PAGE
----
In this article, I discuss secret trusts – what are they, what are their advantages and requirements and what happens if one fails?
What is a secret trust?
A secret trust arises when a testator of a will leaves a gift to someone (“the secret trustee”) with the intention that he or she holds it to make a gift to another person (“the beneficiary”).
Secret trusts can be full or half in nature.
Fully secret trusts are where the trust is not apparent from the face of the will. The gift would look like any ordinary gift with the will simply providing for the secret trustee to be left a specified sum of money. However, in these cases, the testator will have spoken to the secret trustee and asked that the benefit of the gift be passed on secretly to the beneficiary upon the testator’s death. In order for the secret trust to be effective, the secret trustee would have had to agree to this.
With half secret trusts the will makes it clear that the secret trustee is receiving the gift on behalf of a third party but the identity of the beneficiary and the terms of the trust remain secret.
What are the advantages of a secret trust?
The only real advantage of a secret trust is to keep the identity of the beneficiary a secret. There may be any number of reasons why the testator would want to do this. For example, he or she may have had an extra marital relationship and/or illegitimate children and want to make provision for them but not reveal their existence or the relationship to their immediate family.
What are the requirements for a secret trust?
In order for a secret trust to be effective, it is necessary for there:
To be an intention on the part of the testator to create a secret trust;
To be communication between the testator and secret trustee confirming that the gift is to be held on trust for a secret beneficiary; and
To be acceptance of that role by the secret trustee.
There must be an intention to create a trust on the part of the testator; informally expressing a wish in the hope that they will be followed will not be sufficient.
What about the consequences if a secret trust fails?
If a fully secret trust fails for any reason, then the secret trustee will take the gift for themselves. If the secret trustee were, however, to die during the lifetime of the testator then the trust with fail.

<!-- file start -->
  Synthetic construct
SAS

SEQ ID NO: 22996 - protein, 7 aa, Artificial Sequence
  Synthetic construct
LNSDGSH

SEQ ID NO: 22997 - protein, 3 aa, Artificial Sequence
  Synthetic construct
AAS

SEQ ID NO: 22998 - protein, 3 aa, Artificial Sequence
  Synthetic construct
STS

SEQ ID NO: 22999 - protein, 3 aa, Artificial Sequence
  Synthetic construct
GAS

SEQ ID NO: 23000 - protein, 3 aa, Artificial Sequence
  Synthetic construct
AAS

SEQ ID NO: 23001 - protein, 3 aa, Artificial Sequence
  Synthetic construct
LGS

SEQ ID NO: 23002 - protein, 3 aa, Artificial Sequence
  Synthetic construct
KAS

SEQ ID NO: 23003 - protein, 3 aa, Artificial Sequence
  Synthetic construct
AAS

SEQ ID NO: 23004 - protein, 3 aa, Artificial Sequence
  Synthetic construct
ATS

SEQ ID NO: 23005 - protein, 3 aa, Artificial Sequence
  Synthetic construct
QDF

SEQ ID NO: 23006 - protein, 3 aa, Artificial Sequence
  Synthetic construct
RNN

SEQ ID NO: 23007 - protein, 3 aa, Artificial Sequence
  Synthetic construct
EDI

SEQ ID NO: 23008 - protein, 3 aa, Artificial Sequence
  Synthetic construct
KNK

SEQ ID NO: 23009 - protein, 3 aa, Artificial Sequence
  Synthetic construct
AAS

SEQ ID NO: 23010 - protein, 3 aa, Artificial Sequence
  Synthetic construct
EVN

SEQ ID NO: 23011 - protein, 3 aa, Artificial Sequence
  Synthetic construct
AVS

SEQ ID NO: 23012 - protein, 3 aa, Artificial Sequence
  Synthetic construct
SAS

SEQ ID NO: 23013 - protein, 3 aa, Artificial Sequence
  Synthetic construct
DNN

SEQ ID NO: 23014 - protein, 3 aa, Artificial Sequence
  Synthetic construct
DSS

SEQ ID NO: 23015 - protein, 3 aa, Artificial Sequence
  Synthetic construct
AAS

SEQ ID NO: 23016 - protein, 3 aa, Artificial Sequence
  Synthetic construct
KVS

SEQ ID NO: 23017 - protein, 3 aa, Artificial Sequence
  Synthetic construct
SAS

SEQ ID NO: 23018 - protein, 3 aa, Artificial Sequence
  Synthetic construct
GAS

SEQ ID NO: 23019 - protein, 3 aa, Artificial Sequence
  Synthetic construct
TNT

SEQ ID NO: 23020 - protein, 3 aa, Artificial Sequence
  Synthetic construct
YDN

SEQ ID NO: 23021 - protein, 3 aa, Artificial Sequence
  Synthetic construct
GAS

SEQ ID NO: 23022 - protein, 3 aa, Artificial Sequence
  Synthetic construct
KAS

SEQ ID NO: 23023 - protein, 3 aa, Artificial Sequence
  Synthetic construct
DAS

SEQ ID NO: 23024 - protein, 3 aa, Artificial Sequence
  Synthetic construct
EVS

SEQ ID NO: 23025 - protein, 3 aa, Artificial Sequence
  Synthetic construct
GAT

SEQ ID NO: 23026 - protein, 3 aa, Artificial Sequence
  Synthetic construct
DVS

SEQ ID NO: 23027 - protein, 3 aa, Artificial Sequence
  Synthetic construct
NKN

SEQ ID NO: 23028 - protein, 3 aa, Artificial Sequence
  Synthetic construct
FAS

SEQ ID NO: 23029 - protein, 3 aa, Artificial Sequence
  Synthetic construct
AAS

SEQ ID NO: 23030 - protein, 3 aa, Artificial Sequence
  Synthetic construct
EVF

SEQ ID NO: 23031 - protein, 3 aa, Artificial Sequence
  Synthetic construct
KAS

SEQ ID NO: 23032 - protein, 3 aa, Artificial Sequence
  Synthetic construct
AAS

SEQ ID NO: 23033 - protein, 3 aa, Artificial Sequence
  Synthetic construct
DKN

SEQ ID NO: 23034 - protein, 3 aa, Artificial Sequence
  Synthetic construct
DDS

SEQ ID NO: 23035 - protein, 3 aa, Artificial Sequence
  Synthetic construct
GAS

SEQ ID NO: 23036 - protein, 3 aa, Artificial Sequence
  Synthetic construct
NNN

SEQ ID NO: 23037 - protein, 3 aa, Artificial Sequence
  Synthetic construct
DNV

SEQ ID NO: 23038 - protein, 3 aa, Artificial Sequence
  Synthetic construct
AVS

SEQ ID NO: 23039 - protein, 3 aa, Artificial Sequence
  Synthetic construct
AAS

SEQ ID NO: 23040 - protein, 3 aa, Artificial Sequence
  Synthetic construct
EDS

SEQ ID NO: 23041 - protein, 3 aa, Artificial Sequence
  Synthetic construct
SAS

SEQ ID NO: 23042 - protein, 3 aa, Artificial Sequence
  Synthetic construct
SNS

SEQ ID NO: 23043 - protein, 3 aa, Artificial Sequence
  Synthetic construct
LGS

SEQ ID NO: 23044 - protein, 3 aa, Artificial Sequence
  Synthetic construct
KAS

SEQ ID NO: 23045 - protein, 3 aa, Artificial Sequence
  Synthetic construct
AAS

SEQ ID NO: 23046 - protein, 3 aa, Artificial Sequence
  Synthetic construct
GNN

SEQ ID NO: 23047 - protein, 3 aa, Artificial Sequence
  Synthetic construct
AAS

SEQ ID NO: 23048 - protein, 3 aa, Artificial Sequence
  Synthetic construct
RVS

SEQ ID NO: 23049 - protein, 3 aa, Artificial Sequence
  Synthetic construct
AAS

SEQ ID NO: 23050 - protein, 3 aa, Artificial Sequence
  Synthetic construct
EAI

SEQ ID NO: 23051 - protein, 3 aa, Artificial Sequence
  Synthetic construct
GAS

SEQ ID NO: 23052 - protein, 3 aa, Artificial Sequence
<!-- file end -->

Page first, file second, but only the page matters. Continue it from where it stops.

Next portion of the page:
If a half secret trust fails for any reason, then the secret trustee will hold the gift on trust for the residuary beneficiaries. The secret trustee cannot take the gift for himself as it would be clear that this was not the testator’s intention. Likewise, if the secret trustee were to die during the lifetime of the testator, then the testator’s personal representatives will hold the gift on the same terms as the deceased secret trustee on such terms as can be ascertained.
It should also be noted that even if a trust is found to exist, it will not be enforceable if it designed to avoid any provision of the law.
Secret trusts are by their very nature confidential and can therefore often be difficult to prove. Disputes can often arise between persons who believe they are a secret beneficiary and the alleged secret trustee who denies the existence of the secret trust. In these circumstances, it is likely there will be little, if any, documentary evidence to confirm the existence of the secret trust. Whilst the secret trustee has the same obligations as regards any other trustee of a trust, given the secrecy of the trust it is much easier for the secret trustee to simply deny the existence of the secret trust and thus, difficult for the secret beneficiary to pursue their rights as the court will need to be satisfied, on the balance of probabilities, that a secret trust existed.
Consistent with our policy when giving comment and advice on a non-specific basis, we cannot assume legal responsibility for the accuracy of any particular statement. In the case of specific problems we recommend that professional advice be sought.